US8117240B1 - Remote application linking infrastructure - Google Patents

Remote application linking infrastructure Download PDF

Info

Publication number
US8117240B1
US8117240B1 US12178305 US17830508A US8117240B1 US 8117240 B1 US8117240 B1 US 8117240B1 US 12178305 US12178305 US 12178305 US 17830508 A US17830508 A US 17830508A US 8117240 B1 US8117240 B1 US 8117240B1
Authority
US
Grant status
Grant
Patent type
Prior art keywords
file
application
citrix
remote
administrator
Prior art date
Legal status (The legal status is an assumption and is not a legal conclusion. Google has not performed a legal analysis and makes no representation as to the accuracy of the status listed.)
Active, expires
Application number
US12178305
Inventor
David C. Shelby, III
Current Assignee (The listed assignees may be inaccurate. Google has not performed a legal analysis and makes no representation or warranty as to the accuracy of the list.)
Southern Co Services Inc
Original Assignee
Southern Co Services Inc
Priority date (The priority date is an assumption and is not a legal conclusion. Google has not performed a legal analysis and makes no representation as to the accuracy of the date listed.)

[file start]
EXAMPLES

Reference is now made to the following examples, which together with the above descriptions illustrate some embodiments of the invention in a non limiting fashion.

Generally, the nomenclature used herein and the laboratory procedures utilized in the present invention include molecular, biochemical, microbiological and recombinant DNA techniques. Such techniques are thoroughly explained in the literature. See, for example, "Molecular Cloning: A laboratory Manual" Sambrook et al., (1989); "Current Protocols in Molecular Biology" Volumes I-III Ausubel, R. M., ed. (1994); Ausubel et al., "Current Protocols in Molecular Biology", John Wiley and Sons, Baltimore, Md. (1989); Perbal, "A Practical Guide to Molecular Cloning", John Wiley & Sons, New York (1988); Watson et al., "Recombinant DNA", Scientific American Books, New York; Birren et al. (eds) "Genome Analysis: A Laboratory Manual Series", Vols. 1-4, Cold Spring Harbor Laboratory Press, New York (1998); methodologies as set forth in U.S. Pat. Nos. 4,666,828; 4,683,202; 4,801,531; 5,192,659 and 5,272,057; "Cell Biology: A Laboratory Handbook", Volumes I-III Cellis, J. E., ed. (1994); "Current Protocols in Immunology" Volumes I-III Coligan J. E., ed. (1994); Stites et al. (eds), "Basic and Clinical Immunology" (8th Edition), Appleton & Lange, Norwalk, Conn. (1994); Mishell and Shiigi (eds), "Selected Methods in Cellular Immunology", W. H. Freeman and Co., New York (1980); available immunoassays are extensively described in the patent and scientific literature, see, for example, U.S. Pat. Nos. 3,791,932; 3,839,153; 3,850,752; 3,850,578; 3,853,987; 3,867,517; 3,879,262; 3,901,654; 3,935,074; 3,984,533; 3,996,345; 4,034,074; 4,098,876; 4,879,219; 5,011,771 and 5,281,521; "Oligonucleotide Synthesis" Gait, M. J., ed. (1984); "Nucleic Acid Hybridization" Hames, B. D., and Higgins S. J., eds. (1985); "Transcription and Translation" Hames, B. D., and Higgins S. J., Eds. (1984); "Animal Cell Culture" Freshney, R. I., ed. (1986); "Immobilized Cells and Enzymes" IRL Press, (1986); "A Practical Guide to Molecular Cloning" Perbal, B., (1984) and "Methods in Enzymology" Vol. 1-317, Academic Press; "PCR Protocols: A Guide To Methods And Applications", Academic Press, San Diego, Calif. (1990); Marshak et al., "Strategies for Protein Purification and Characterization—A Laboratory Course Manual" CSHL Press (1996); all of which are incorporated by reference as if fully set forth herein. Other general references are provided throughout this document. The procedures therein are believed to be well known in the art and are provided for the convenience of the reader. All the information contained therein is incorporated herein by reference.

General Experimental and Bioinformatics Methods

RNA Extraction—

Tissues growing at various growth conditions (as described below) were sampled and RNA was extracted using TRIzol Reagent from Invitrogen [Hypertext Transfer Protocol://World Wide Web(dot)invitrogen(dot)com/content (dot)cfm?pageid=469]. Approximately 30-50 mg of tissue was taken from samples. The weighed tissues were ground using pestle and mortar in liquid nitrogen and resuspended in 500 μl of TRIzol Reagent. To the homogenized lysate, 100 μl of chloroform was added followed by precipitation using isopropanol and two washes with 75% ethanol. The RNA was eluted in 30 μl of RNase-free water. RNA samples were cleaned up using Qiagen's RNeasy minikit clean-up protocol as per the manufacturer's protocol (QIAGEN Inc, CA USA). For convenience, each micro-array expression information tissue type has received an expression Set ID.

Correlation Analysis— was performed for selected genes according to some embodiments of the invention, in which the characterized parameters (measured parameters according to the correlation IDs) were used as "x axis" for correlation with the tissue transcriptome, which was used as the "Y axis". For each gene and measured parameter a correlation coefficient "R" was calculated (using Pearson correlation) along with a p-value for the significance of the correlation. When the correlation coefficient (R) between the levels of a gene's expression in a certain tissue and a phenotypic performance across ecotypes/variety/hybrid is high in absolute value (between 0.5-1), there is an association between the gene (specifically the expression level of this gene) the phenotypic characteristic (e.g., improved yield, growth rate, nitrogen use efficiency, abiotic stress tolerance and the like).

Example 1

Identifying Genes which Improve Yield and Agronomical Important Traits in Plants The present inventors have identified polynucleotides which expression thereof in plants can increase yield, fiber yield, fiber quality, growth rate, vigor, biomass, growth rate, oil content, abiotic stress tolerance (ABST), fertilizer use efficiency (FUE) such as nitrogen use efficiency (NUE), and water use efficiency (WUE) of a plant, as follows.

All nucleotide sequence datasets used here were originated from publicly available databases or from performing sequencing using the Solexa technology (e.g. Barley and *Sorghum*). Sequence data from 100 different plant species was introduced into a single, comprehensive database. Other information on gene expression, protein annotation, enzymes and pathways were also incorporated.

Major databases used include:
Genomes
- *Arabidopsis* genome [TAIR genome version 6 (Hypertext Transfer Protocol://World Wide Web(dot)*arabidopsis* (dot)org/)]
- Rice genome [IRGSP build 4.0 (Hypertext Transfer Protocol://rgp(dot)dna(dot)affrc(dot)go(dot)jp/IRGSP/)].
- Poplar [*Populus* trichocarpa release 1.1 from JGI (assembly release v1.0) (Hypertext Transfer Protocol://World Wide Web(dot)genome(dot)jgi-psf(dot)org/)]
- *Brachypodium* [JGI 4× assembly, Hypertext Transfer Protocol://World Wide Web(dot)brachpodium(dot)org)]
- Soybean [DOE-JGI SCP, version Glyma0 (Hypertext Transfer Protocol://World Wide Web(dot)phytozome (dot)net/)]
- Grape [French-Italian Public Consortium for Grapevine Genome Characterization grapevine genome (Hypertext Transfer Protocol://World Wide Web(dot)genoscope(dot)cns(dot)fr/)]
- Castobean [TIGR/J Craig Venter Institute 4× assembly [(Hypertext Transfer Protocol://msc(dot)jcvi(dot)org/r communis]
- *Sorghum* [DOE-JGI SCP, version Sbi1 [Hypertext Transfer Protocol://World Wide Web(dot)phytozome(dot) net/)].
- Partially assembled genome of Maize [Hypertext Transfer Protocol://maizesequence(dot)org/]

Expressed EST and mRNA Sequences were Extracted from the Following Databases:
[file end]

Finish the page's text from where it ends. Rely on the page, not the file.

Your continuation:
Filing date
Publication date
Grant date

Links

Images

Classifications

    • GPHYSICS
    • G06COMPUTING; CALCULATING; COUNTING
    • G06FELECTRIC DIGITAL DATA PROCESSING
    • G06F9/00Arrangements for program control, e.g. control units
    • G06F9/06Arrangements for program control, e.g. control units using stored programs, i.e. using an internal store of processing equipment to receive or retain programs
    • G06F9/44Arrangements for executing specific programs
    • G06F9/445Program loading or initiating
    • G06F9/44521Dynamic linking or loading; Link editing at or after load time, e.g. Java class loading

Abstract

A method, system, and computer readable medium for controlling user access from a segmented network to shared remote applications stored on a remote server. The method begins by generating a folder/file structure for a remote application that is to be shared on the segmented network. A file server drive mapping to a linking infrastructure data is generated for the remote application and an icon associated with the remote application is retrieved. An application launcher file is generated for the remote application. Then, an application linker file associated with the application launcher file for the remote application is generated. A command file is generated for copying the application linker file to a user's desktop. The linker file is updated to point to the file server drive. A folder for user access to the remote application is then deployed that includes the remote application icon, the application linker file, the application launcher file, and the command file.